HOW CAN YOU HELP the Injured Sportsperson?

With Dr Simon Payne Psychological Performance Coach

“HOW CAN YOU HELP the Injured Sportsperson?”

Injury is an unavoidable aspect of sport participation, and the psychological damage often lingers longer than the physical. If you are parent, teammate, or friend of an injured sportsperson then you no doubt care about their recovery, so here are some tips to guide the support you offer. (NB. To coaches: you are “on the front line” of sport injuries, so contact me about this aspect of your “craft” because there are lots of specific ways that I can help you to assist your athletes’ psychological recovery (e.g., removing re-injury anxiety, re-gaining self-belief.)

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1. Does the athlete have professional guidance to achieve the physical aspects of their recovery? Even if the injury seems minor, expert opinion should be sought; better that than regret it later if the injury proves to be more severe than first thought.

2. Have you spoken to the athlete about what they are going through, or is it your impression? Your approach must be based on solid information, and if you establish yourself as central in their support network they are more likely to provide honest information about their injury. Indeed, if the athlete’s default reaction is to withdraw and dwell on their “bad luck,” many associated problems with recovery can be diverted if you step in and remove this typically negative coping mechanism. You can use this experience to strengthen your bond for any future issues, and the athlete should reciprocate your support too.

3. It depends on the stage they are at on their recovery journey, but here are some signs to help you identify when an athlete is struggling psychologically with their recovery: non-acceptance of the injury; denial of seriousness or extent of injury; obvious signs of depressed mood, sadness, anger, and obvious changes in behaviour; decreased contact with coaches and teammates; non-attendance at training or games despite encouragement; non-adherence to rehab exercises or appointments – i.e., failure to take responsibility for their own rehab; conversely, overdoing rehabilitation; bargaining with physio or club staff over treatment and time out of competition; non-compliance and non-cooperation with club staff; evidence of excessive drinking, related photos and comments on Facebook. And when they return to action: hesitant play; excessive excuse-making for not coming to training, especially if atypical to the athlete; and frequent re-injury.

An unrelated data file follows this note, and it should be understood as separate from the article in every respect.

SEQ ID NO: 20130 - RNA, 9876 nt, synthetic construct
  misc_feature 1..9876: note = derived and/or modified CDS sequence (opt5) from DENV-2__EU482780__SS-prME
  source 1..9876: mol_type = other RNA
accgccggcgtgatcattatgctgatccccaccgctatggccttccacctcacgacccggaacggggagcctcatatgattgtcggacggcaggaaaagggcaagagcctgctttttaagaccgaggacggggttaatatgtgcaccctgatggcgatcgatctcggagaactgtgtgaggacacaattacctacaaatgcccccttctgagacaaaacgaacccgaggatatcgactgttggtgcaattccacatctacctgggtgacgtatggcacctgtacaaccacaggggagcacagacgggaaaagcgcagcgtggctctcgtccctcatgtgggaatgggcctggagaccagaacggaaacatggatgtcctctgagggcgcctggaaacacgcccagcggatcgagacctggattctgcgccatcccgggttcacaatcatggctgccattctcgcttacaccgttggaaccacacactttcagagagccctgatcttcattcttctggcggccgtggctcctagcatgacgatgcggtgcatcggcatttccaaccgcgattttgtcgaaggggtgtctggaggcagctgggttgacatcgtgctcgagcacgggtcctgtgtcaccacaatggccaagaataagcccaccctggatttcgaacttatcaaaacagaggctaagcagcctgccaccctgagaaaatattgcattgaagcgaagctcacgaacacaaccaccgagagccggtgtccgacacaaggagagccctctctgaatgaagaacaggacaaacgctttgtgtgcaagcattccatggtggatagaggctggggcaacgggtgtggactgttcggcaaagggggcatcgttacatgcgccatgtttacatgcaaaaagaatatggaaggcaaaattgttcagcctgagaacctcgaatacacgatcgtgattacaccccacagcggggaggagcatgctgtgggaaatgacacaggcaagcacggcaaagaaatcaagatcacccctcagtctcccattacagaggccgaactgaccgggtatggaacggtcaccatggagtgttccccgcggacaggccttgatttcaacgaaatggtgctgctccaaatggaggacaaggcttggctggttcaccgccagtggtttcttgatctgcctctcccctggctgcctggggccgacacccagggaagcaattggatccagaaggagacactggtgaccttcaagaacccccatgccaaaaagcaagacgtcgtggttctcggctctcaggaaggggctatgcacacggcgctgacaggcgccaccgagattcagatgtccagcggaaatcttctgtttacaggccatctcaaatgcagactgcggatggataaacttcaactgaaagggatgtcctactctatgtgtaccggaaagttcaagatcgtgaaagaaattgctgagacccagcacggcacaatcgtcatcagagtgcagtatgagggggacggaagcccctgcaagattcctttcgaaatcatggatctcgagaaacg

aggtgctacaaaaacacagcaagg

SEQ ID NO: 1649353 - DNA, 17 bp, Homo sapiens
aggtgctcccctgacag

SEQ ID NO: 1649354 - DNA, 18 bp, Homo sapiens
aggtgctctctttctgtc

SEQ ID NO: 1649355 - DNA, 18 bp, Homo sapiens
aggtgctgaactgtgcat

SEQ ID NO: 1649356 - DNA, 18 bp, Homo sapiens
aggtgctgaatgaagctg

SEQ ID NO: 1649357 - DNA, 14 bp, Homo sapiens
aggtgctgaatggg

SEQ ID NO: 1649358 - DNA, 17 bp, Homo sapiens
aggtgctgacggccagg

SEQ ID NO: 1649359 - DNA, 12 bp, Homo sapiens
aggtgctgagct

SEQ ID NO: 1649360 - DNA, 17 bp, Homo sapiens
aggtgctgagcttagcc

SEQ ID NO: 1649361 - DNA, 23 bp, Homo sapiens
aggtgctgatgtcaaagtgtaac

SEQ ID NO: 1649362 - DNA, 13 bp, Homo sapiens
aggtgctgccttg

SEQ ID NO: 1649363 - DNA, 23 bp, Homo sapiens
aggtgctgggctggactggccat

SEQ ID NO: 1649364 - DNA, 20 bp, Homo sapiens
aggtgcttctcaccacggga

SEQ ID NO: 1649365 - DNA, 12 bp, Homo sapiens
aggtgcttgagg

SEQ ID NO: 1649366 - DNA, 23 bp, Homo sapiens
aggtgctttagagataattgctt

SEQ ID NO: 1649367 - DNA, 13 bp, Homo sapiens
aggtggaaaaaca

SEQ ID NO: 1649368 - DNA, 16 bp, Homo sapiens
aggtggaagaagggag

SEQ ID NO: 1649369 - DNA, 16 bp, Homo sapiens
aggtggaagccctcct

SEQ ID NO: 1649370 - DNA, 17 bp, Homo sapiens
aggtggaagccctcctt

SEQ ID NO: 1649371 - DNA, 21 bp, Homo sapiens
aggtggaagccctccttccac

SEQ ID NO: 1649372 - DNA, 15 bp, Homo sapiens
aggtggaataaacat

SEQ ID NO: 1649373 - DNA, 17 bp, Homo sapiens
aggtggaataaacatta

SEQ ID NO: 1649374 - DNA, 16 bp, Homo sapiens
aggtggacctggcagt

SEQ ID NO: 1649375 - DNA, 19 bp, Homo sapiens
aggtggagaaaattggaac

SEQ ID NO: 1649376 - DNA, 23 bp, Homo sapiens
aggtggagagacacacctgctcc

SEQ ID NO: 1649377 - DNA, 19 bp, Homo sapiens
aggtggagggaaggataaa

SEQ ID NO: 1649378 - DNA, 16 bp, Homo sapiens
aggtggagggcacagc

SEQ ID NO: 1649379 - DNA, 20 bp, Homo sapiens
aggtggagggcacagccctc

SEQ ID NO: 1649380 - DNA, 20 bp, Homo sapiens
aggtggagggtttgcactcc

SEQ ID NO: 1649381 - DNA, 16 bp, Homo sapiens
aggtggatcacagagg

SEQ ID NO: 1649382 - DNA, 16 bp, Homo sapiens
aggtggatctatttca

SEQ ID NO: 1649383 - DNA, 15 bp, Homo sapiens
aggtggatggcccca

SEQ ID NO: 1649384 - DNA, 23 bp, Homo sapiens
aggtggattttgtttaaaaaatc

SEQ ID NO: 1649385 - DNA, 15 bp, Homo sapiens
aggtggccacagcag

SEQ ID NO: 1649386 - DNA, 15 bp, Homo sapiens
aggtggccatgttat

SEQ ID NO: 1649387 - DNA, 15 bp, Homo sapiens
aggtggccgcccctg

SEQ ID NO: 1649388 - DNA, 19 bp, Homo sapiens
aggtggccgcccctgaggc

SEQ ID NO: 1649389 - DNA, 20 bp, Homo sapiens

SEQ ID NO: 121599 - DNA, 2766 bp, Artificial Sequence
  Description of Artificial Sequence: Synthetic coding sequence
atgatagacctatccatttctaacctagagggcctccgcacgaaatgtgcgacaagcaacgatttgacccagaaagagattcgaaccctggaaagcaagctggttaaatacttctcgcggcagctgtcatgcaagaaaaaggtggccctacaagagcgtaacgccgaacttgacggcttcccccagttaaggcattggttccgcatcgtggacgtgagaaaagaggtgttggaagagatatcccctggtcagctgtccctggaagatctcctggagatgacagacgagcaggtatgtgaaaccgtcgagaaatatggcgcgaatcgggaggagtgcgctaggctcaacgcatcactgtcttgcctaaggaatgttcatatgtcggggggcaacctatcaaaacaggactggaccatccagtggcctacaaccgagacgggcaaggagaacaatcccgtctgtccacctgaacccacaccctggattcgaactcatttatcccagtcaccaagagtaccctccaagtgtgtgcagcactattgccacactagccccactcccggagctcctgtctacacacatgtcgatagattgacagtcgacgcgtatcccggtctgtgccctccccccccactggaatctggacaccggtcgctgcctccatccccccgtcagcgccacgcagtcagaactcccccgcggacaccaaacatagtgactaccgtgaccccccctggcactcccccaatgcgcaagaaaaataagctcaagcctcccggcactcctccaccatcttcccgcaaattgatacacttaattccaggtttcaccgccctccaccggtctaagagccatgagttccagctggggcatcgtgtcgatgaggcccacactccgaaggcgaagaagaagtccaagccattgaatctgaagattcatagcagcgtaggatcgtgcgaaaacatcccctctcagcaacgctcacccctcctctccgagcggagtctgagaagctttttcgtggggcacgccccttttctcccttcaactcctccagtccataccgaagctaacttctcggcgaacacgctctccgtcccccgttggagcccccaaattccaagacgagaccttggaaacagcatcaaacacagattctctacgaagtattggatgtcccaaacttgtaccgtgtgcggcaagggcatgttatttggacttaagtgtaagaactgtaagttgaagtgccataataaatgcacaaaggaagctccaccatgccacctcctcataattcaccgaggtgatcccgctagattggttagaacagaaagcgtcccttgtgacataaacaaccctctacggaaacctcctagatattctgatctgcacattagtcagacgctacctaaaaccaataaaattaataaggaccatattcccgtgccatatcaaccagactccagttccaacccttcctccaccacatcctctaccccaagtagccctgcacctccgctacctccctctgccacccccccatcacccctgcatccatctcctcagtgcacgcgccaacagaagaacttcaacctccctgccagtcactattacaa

4. Whether or not there is a problem, promote a healthy message by talking about and treating the injury as a challenge to be positively approached: “Injury is an unavoidable part of sport that all players face on their journey to reach their potential, and attitude to injury recovery is one thing that will set you apart from your peers.” In fact, there are benefits to be derived from the injury recovery period (see Figure One). Of course, the athlete may experience pressure stemming from worry about skill loss and their place on the team being usurped, or a fear of re-injuring the body part and a loss of trust in it, and maybe this is contributing to low mood, a short temper, or any of the symptoms, above. If so, the athlete will require practical tools to remain positive and focused on recovery. You could prompt them to find out about, and/or help them engage with, techniques such as imagery, self-talk, mindfulness, and goal-based action plans. CHECK IN NEXT TIME for an introduction to these tools and techniques!

Alternatively, ask Simon directly by connecting with him through any of the channels listed below.

Returning to point #1, coping well with injury involves being realistic about when to come back and being ready for setbacks. The tools I will describe in the next issue will help the athlete with their role in this, but you and their professional supporters are crucial too – you provide the social and physical parameters around which the psychological tools can be put to use! Please (1) ensure that the athlete has professional help for the physical side of the injury, (2) keep an eye out for warning signs that they aren’t coping with the injury, and (3) positively reinforce the message that they must be proactive and central in their own recovery by learning about psychological tools that will help them view and manage the injury as a challenge, not a threat!

Your Excellence Unlocked

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Psychological Performance Coaching with Dr Simon Payne, CPsychol

For further information please visit www.yourexcellenceunlocked.com, www.facebook.com/YEUswansea, or search “Dr Simon Payne Swansea Linkedin” for his professional profile. Please follow Simon on Twitter @YEU_Swansea). For an informal chat about your experiences in sport call Simon at Your Excellence Unlocked on 07450517963

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